With every new academic year comes new introductions, new instances of connecting face and name. The exhibit titled “With a Name Like Yours, You Might Be Any Shape” in the Contemporary Arts Center at the Claire Trevor School of the Arts plays with this notion.
The gallery uses artwork spanning over 20 years to upend the notions of authorship. It asks, “What if this referent — the name — were altered, changed or twisted?” The exhibit does just that — scrambling our concept of the name and the identity that it brings to mind.
The gallery alternated between untouched and obviously touched pieces, such as still snapshots, shifting videos and slideshows along its long white walls.
At first glance, it is hard to find any names for the people in the artwork. For example, on one wall hangs a collection of driver’s licenses.
They all read “George Marshall,” but the faces range from male to female, and only two portraits look anything alike. The last license is placed on the reverse, with the nondescript back of the card facing into the room.
And of course, this is no mistake. It’s a great way to add in that final tweak. With the indispensible use of the driver’s licenses, especially considering their relveevance in a college environment, it’s pretty brilliant.
The first piece that caught my eye and ear was the video of palm-reading titled “dark.reading” (2004/2005) created by Hina Berau and Judith Fischer. I walked into the thankfully air-conditioned room and saw the reader’s hands and the participant’s hand, and heard their two voices. It’s amazing to think the reader knows her client’s identity, past, present and future from some folds of skin on her palm. The point is that the face isn’t even needed.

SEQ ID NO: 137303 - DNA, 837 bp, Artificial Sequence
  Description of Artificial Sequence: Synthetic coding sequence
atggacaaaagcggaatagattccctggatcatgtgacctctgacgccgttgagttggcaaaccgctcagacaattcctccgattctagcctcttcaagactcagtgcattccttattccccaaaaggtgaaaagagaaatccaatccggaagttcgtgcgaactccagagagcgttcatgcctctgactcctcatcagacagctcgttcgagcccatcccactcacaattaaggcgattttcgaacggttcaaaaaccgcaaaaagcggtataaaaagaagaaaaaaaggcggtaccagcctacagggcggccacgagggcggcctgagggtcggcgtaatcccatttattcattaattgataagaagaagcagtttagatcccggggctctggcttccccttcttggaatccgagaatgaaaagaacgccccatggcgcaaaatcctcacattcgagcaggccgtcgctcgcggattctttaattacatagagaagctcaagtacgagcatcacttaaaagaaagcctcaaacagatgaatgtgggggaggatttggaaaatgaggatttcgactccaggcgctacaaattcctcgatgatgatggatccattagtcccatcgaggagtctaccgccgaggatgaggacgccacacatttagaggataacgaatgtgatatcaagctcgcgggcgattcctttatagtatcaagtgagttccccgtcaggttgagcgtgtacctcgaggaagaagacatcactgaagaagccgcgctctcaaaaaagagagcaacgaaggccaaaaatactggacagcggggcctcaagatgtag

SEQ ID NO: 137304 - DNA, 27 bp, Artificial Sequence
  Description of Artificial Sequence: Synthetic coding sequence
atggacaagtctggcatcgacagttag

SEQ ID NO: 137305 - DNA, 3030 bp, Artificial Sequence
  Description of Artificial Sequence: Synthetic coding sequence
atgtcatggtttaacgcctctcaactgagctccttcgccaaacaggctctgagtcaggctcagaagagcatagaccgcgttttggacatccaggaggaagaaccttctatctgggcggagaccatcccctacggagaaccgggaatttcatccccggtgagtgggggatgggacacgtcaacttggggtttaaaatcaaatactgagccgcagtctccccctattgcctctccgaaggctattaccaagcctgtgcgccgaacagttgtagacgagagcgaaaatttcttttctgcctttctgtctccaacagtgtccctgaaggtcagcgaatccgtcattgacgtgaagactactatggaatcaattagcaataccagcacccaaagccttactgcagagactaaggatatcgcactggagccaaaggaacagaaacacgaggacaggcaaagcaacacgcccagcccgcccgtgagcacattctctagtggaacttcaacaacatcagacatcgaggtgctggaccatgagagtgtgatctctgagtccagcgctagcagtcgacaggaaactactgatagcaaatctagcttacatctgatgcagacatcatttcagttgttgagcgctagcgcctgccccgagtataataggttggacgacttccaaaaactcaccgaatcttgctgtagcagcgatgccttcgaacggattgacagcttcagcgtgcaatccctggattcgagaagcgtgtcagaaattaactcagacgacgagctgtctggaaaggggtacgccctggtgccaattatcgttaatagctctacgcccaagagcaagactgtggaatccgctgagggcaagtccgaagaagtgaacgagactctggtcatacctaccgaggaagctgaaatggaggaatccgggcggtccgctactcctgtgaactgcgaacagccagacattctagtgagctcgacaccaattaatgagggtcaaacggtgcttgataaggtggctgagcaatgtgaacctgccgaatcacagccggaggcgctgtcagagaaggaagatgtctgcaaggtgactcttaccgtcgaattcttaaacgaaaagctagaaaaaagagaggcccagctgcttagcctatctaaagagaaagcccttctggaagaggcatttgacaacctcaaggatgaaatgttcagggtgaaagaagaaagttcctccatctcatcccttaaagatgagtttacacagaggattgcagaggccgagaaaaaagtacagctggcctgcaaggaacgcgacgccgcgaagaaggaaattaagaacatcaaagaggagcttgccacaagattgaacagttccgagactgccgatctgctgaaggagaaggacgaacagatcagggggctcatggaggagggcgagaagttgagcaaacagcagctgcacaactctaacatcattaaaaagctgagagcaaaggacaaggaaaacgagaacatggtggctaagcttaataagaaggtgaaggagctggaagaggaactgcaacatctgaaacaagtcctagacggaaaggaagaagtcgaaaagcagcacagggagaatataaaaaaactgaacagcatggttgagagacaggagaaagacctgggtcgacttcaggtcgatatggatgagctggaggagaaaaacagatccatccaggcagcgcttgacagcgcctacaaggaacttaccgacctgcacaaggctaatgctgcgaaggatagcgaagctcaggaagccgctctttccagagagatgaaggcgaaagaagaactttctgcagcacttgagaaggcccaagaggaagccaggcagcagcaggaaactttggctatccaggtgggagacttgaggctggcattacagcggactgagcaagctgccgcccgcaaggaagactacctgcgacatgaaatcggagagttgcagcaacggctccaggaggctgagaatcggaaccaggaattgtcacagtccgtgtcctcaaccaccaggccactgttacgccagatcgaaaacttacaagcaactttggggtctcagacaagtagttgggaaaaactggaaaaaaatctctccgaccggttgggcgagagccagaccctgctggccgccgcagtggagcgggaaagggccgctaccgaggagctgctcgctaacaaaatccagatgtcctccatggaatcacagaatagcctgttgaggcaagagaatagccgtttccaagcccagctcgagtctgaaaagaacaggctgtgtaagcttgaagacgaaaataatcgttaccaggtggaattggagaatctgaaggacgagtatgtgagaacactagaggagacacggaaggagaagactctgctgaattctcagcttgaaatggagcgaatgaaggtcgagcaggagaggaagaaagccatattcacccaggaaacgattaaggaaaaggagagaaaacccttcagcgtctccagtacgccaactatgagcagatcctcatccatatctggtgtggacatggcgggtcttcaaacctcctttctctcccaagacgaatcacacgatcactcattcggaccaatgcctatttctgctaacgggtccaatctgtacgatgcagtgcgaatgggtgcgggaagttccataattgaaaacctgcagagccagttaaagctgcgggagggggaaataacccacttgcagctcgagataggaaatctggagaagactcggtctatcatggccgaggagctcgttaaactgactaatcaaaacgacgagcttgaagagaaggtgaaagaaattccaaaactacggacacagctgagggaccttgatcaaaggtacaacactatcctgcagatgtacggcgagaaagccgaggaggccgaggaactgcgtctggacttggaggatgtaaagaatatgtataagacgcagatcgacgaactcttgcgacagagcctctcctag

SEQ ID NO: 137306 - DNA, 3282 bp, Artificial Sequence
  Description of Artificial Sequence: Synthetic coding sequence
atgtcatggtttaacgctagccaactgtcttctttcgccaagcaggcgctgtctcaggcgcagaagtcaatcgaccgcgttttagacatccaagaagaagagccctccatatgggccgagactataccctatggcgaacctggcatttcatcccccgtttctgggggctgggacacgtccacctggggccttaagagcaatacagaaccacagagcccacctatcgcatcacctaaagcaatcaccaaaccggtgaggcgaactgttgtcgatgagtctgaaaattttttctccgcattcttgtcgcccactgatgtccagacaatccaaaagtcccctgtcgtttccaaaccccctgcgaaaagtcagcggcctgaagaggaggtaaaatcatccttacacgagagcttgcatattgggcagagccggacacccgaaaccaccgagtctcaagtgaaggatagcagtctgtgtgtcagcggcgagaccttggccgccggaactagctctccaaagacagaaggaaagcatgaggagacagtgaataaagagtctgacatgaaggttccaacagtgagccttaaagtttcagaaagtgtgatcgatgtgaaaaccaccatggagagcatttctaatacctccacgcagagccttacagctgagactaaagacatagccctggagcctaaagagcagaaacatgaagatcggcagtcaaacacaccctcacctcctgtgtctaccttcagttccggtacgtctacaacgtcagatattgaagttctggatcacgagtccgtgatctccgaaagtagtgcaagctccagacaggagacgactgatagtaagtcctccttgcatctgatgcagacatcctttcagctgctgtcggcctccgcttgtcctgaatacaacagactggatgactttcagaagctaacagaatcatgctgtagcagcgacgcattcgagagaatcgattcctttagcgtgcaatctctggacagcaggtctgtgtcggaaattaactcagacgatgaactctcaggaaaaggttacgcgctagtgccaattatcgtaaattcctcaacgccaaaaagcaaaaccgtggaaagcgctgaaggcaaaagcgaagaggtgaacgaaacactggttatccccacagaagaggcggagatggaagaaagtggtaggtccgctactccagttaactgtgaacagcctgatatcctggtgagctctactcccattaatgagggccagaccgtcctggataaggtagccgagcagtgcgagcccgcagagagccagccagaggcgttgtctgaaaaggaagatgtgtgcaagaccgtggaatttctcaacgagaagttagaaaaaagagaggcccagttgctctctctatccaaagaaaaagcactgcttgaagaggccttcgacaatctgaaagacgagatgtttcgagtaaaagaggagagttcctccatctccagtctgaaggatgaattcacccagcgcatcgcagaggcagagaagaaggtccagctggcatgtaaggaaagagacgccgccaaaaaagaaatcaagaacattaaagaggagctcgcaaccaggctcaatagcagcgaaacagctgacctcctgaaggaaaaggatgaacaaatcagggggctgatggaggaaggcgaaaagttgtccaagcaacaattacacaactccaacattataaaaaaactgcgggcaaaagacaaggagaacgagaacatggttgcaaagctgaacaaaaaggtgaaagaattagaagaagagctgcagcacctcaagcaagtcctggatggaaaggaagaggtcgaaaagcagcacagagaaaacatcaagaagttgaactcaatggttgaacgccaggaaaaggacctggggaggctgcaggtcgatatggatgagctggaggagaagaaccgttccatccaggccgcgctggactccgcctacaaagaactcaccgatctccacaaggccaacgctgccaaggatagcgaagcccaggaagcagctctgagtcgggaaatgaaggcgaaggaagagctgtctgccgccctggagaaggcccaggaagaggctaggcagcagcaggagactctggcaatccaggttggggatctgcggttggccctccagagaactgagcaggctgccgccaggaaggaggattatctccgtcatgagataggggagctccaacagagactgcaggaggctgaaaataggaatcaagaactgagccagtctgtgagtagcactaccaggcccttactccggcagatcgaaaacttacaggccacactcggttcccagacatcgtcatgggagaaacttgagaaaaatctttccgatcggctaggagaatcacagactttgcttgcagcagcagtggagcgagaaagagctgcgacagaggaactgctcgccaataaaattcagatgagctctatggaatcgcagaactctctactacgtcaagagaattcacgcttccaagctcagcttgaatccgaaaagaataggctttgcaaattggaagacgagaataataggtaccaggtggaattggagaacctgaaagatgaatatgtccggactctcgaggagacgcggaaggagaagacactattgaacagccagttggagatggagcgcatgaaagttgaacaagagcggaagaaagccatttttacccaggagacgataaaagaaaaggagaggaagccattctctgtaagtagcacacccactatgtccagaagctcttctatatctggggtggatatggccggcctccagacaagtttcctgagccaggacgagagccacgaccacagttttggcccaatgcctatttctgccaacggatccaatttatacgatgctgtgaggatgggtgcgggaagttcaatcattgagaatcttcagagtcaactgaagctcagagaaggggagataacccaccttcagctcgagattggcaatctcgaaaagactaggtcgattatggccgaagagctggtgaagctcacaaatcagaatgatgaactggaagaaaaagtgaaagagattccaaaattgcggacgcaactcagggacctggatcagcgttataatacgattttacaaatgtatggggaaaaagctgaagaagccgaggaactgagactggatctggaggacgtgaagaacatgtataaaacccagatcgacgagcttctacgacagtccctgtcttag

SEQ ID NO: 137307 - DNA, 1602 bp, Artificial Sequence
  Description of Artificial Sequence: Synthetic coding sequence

The scene seems disembodied, even though a part of the body is there and represents the whole of a person’s life. The effect is a conscious effort, a way to “ward off a conventional narration … and remain a potentiality.” Believers and non-believers aside, it’s an interesting way to welcome visitors into the gallery with a spiritual version of identification.
However, I’m more of a skeptic with fortune telling, and the piece was too figurative. Something visceral and immediate was missing.
The back of the gallery showcased the “Story of Roee Ronen” (2008) created by Roee Ronen. Loud rock music blared throughout the video, which doesn’t shy away from sweat, saliva and spit as the band it features lets loose. The film cuts this footage with contrasting scenes of very different kinds of women. A restrained classical quartet plays and two older women silently and awkwardly perform arm motions behind a clean, white desk piled with books.
The film ends with one of the musicians graphically licking the desk. And then resumes with a view of one of the older women. She speaks a really slow, controlled Hebrew that was somehow annoying to my ears. The woman reads from a teleprompter a gory story of war, perversion and reconstruction of her own self. She talks about the way she “sees through … the [transparent] earth” up through “the rubble, the dog shit, and to the sky.” Image and substance apparently don’t mean much.
The installation tests identity by using others to portray Roee Ronen, who stands behind the teleprompter. Two women stand in for one man, and their language is subverted for the man’s native tongue. At one point, there was too much graphic detail for my liking and I decided to leave.
It left me realizing how quick I was to assume what I saw was spoken from the body of the author. I think I knew something was up, that the language was not a part of the person.
My reaction proved that titles and the language we humans express them in don’t always correlate exactly with the “proper” image. Actually, perhaps it shouldn’t be such a straight game all the time. I say the mission of the gallery was accomplished.
Filed Under: Entertainment